The Economic Process of Perfect Competition

By Sean Masaki Flynn

A wonderful thing about free markets and competition in the economy is that output is produced at the lowest possible cost. This fact is extremely important because it means that free markets are as economically efficient as possible at converting resources into the goods and services that people want to buy.

In addition, markets save society a lot of money because they produce efficiently without requiring human intervention. People don’t have to pay big salaries to experts to make sure that markets run efficiently; markets do the job in our economy for free.

How does perfect competition actually work? The following four steps explain:

  1. The market price of the output sold by every firm in the industry is determined by the interaction of the industry’s overall supply and demand curves.
  2. Each firm takes the market price as given and produces whatever quantity of output will maximize its own profit (or minimize its own loss if the price is so low that it’s not possible to make a profit).
  3. Because each firm has an identical production technology, each will choose to produce the same quantity and will consequently make the same profit or loss as every other firm in the industry.
  4. Depending on whether firms in the industry are making profits or losses, firms will either enter or leave the industry until the market price adjusts to the level where all remaining firms are making zero economic profit.

The fourth point in this process — firm entry and exit — is very important. To understand it clearly, let’s break it into two cases: one where every firm in the industry is making a profit because the market price is high and another where every firm in the industry is making a loss because the market price is low:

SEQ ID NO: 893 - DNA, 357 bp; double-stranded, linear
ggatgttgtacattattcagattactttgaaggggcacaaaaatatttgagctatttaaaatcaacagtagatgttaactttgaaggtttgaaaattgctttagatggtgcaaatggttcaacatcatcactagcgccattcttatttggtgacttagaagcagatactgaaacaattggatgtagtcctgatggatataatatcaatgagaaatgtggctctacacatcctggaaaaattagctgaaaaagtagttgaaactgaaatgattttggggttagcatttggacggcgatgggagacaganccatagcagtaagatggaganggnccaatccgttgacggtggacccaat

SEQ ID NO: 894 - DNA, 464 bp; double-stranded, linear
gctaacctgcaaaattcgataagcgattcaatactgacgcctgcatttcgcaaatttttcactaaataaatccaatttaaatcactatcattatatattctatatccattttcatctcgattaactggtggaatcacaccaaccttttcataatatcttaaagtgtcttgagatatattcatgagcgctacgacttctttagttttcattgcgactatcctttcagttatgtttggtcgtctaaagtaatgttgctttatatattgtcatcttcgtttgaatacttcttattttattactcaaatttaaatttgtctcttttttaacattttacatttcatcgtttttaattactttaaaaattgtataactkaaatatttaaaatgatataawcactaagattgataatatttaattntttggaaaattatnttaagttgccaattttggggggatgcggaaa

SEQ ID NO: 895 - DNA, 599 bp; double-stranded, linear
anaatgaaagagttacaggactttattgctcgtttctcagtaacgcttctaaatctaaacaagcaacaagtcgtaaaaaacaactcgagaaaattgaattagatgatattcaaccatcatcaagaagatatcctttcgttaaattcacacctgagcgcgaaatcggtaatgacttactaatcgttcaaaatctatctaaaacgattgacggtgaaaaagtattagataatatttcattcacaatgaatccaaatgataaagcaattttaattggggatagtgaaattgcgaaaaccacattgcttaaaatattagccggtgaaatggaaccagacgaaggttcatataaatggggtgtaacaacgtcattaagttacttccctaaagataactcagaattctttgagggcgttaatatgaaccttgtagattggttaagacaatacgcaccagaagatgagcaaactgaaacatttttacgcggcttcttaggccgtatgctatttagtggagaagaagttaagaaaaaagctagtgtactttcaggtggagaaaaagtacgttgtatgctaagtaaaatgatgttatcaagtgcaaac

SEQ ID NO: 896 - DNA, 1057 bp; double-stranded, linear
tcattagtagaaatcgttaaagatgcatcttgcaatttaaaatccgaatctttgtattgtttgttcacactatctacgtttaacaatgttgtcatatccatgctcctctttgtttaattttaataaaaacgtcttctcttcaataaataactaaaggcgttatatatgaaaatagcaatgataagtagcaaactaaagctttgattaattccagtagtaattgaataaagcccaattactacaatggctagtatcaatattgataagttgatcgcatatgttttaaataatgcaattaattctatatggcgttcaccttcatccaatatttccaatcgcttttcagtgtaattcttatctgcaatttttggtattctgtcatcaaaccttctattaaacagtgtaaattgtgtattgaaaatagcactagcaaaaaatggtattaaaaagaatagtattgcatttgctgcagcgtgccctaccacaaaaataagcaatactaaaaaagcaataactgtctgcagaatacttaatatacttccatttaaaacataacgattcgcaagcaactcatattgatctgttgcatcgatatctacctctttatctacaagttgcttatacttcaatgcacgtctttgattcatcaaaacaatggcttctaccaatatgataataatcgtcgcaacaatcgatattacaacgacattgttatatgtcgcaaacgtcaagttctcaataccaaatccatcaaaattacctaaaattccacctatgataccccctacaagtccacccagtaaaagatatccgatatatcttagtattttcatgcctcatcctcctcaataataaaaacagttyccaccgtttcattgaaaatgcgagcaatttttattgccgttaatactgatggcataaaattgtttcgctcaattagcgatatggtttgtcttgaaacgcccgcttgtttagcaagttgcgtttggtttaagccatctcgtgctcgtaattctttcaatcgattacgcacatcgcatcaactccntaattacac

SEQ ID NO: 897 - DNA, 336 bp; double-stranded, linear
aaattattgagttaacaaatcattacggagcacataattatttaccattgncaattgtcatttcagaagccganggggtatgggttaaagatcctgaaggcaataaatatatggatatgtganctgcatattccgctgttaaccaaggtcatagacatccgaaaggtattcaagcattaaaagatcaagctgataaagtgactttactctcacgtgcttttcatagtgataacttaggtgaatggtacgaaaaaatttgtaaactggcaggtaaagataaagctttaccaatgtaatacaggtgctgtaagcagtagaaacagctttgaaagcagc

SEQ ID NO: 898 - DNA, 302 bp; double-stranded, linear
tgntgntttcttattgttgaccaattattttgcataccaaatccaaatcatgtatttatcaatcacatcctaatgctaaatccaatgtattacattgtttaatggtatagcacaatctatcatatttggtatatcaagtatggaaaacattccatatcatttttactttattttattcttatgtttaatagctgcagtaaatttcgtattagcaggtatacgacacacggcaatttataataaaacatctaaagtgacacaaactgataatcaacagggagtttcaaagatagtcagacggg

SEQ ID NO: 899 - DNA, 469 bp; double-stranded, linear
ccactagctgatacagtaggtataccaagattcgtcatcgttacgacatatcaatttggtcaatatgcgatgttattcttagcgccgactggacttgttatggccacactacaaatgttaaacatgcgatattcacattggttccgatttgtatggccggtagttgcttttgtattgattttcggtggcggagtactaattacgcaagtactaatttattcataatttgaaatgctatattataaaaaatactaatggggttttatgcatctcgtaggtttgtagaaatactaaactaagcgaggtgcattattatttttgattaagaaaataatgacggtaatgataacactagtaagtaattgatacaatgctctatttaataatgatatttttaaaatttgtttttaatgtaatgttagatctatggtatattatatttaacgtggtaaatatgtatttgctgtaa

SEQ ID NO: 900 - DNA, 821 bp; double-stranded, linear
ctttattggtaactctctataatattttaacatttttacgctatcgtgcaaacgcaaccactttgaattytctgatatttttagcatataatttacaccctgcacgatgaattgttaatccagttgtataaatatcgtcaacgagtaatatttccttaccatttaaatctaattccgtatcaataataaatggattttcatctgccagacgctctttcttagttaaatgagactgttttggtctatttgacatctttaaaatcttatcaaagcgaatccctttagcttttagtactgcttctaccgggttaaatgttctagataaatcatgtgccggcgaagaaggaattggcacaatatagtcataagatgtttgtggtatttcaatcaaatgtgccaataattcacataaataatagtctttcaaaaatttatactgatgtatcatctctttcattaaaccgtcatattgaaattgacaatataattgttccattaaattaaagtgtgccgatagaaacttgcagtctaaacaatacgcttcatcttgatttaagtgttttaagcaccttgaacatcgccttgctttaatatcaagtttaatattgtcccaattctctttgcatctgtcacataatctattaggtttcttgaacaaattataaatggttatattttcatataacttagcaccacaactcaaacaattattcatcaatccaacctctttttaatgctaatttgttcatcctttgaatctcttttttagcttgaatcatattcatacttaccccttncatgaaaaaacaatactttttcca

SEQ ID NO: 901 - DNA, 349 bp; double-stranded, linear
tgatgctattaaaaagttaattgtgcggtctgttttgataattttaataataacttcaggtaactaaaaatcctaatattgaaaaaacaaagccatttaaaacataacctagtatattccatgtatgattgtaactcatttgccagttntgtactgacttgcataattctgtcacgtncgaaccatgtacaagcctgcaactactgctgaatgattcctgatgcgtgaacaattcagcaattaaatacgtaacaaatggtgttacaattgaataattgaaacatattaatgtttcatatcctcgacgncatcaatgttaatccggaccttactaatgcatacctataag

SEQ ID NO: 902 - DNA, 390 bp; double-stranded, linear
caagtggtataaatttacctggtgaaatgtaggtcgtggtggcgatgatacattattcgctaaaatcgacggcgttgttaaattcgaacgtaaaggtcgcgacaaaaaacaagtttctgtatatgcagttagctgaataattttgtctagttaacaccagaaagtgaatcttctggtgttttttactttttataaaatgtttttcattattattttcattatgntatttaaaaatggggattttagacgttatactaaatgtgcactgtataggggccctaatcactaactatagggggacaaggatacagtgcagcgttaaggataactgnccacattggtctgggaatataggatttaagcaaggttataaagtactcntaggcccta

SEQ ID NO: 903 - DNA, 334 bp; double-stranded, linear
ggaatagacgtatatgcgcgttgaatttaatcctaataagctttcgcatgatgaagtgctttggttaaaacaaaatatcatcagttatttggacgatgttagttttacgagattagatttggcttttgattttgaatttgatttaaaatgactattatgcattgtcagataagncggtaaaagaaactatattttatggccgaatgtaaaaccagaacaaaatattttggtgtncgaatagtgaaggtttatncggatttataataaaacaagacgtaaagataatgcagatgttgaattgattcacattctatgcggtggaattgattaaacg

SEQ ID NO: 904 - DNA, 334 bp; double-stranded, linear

• Attracting new firms by making profits: If every firm in an industry is making a profit, new firms are attracted to enter the industry, too, in hopes of sharing the profits. But when they enter, total industry output increases so much that the market price begins to fall. As the price falls, profits fall, thereby lowering the incentive for further firms to enter the industry.

The process of new firms entering the industry continues until the market price falls so low that profits drop to zero. When that happens, the incentive to enter the industry disappears, and no more firms enter.

  • Losing existing firms when making losses: If every firm in an industry starts out making losses because the market price is low, some of the existing firms exit the industry because they can’t stand losing money. When they do, total industry output falls. That reduction in total supply, in turn, causes the market price to rise. And as the market price rises, firms’ losses decrease.

The process of firms leaving and prices rising continues until the remaining firms are no longer losing money.

The fact that firms can freely enter or leave the industry means that after all adjustments are made, firms always make a zero economic profit. In other words, if there is perfect competition, you don’t have to worry about firms exploiting anyone; they just barely make enough money to stay in business.

The other important result of perfect competition — that competitive firms produce at minimum cost — becomes apparent if you flesh out the four-stage process of perfect competition by using cost curves.